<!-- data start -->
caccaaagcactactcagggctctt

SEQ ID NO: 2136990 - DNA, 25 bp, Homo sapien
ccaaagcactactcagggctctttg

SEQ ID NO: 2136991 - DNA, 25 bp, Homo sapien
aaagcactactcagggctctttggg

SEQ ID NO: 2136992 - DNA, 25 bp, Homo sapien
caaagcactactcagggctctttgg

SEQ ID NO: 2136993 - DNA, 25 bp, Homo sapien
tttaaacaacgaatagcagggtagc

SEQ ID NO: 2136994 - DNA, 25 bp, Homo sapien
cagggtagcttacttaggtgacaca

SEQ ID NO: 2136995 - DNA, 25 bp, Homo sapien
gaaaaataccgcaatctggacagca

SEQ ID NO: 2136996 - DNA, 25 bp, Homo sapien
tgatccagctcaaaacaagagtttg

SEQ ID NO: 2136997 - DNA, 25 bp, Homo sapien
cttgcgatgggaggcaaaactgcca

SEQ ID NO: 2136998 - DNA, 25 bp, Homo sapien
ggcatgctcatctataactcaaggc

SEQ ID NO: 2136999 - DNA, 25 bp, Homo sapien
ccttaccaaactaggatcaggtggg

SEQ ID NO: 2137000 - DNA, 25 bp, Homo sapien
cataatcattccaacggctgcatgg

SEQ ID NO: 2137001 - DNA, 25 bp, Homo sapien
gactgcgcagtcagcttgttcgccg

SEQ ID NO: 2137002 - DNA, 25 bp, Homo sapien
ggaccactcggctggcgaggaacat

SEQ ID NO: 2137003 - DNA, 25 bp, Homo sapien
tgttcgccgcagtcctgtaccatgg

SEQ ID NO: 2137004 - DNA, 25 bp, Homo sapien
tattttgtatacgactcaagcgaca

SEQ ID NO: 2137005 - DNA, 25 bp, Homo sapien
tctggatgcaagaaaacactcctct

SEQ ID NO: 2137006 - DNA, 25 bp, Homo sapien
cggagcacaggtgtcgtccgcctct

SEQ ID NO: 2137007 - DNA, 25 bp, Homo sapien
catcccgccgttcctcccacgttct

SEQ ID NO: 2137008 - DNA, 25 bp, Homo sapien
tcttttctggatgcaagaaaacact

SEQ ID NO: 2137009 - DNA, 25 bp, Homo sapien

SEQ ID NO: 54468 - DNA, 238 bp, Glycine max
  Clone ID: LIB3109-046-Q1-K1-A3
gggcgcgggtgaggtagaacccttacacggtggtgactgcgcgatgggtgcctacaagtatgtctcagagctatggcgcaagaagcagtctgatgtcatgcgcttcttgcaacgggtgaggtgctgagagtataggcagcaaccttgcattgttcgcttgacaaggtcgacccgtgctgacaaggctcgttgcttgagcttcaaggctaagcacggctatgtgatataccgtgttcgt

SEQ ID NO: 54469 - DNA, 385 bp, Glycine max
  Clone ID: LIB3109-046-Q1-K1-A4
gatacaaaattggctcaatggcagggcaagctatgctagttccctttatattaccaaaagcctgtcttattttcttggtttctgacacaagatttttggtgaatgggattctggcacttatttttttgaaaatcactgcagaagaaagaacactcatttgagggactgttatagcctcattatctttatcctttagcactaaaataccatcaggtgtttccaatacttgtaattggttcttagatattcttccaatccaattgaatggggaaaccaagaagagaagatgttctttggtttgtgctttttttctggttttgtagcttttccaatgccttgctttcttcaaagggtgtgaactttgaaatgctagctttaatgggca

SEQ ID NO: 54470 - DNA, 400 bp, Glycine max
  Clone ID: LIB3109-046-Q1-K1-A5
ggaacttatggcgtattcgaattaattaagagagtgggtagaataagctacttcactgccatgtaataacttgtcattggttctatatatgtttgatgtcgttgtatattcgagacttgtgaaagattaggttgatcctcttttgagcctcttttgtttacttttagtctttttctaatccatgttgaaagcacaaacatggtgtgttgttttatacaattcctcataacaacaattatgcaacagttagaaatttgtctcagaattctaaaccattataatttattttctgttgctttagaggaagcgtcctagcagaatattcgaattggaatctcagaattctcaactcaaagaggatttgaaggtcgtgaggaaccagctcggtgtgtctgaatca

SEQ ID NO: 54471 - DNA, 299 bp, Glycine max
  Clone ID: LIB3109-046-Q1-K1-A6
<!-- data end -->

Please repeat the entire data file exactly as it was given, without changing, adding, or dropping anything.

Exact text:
caccaaagcactactcagggctctt

SEQ ID NO: 2136990 - DNA, 25 bp, Homo sapien
ccaaagcactactcagggctctttg

SEQ ID NO: 2136991 - DNA, 25 bp, Homo sapien
aaagcactactcagggctctttggg

SEQ ID NO: 2136992 - DNA, 25 bp, Homo sapien
caaagcactactcagggctctttgg

SEQ ID NO: 2136993 - DNA, 25 bp, Homo sapien
tttaaacaacgaatagcagggtagc

SEQ ID NO: 2136994 - DNA, 25 bp, Homo sapien
cagggtagcttacttaggtgacaca

SEQ ID NO: 2136995 - DNA, 25 bp, Homo sapien
gaaaaataccgcaatctggacagca

SEQ ID NO: 2136996 - DNA, 25 bp, Homo sapien
tgatccagctcaaaacaagagtttg

SEQ ID NO: 2136997 - DNA, 25 bp, Homo sapien
cttgcgatgggaggcaaaactgcca

SEQ ID NO: 2136998 - DNA, 25 bp, Homo sapien
ggcatgctcatctataactcaaggc

SEQ ID NO: 2136999 - DNA, 25 bp, Homo sapien
ccttaccaaactaggatcaggtggg

SEQ ID NO: 2137000 - DNA, 25 bp, Homo sapien
cataatcattccaacggctgcatgg

SEQ ID NO: 2137001 - DNA, 25 bp, Homo sapien
gactgcgcagtcagcttgttcgccg

SEQ ID NO: 2137002 - DNA, 25 bp, Homo sapien
ggaccactcggctggcgaggaacat

SEQ ID NO: 2137003 - DNA, 25 bp, Homo sapien
tgttcgccgcagtcctgtaccatgg

SEQ ID NO: 2137004 - DNA, 25 bp, Homo sapien
tattttgtatacgactcaagcgaca

SEQ ID NO: 2137005 - DNA, 25 bp, Homo sapien
tctggatgcaagaaaacactcctct

SEQ ID NO: 2137006 - DNA, 25 bp, Homo sapien
cggagcacaggtgtcgtccgcctct

SEQ ID NO: 2137007 - DNA, 25 bp, Homo sapien
catcccgccgttcctcccacgttct

SEQ ID NO: 2137008 - DNA, 25 bp, Homo sapien
tcttttctggatgcaagaaaacact

SEQ ID NO: 2137009 - DNA, 25 bp, Homo sapien

SEQ ID NO: 54468 - DNA, 238 bp, Glycine max
  Clone ID: LIB3109-046-Q1-K1-A3
gggcgcgggtgaggtagaacccttacacggtggtgactgcgcgatgggtgcctacaagtatgtctcagagctatggcgcaagaagcagtctgatgtcatgcgcttcttgcaacgggtgaggtgctgagagtataggcagcaaccttgcattgttcgcttgacaaggtcgacccgtgctgacaaggctcgttgcttgagcttcaaggctaagcacggctatgtgatataccgtgttcgt

SEQ ID NO: 54469 - DNA, 385 bp, Glycine max
  Clone ID: LIB3109-046-Q1-K1-A4
gatacaaaattggctcaatggcagggcaagctatgctagttccctttatattaccaaaagcctgtcttattttcttggtttctgacacaagatttttggtgaatgggattctggcacttatttttttgaaaatcactgcagaagaaagaacactcatttgagggactgttatagcctcattatctttatcctttagcactaaaataccatcaggtgtttccaatacttgtaattggttcttagatattcttccaatccaattgaatggggaaaccaagaagagaagatgttctttggtttgtgctttttttctggttttgtagcttttccaatgccttgctttcttcaaagggtgtgaactttgaaatgctagctttaatgggca

SEQ ID NO: 54470 - DNA, 400 bp, Glycine max
  Clone ID: LIB3109-046-Q1-K1-A5
ggaacttatggcgtattcgaattaattaagagagtgggtagaataagctacttcactgccatgtaataacttgtcattggttctatatatgtttgatgtcgttgtatattcgagacttgtgaaagattaggttgatcctcttttgagcctcttttgtttacttttagtctttttctaatccatgttgaaagcacaaacatggtgtgttgttttatacaattcctcataacaacaattatgcaacagttagaaatttgtctcagaattctaaaccattataatttattttctgttgctttagaggaagcgtcctagcagaatattcgaattggaatctcagaattctcaactcaaagaggatttgaaggtcgtgaggaaccagctcggtgtgtctgaatca

SEQ ID NO: 54471 - DNA, 299 bp, Glycine max
  Clone ID: LIB3109-046-Q1-K1-A6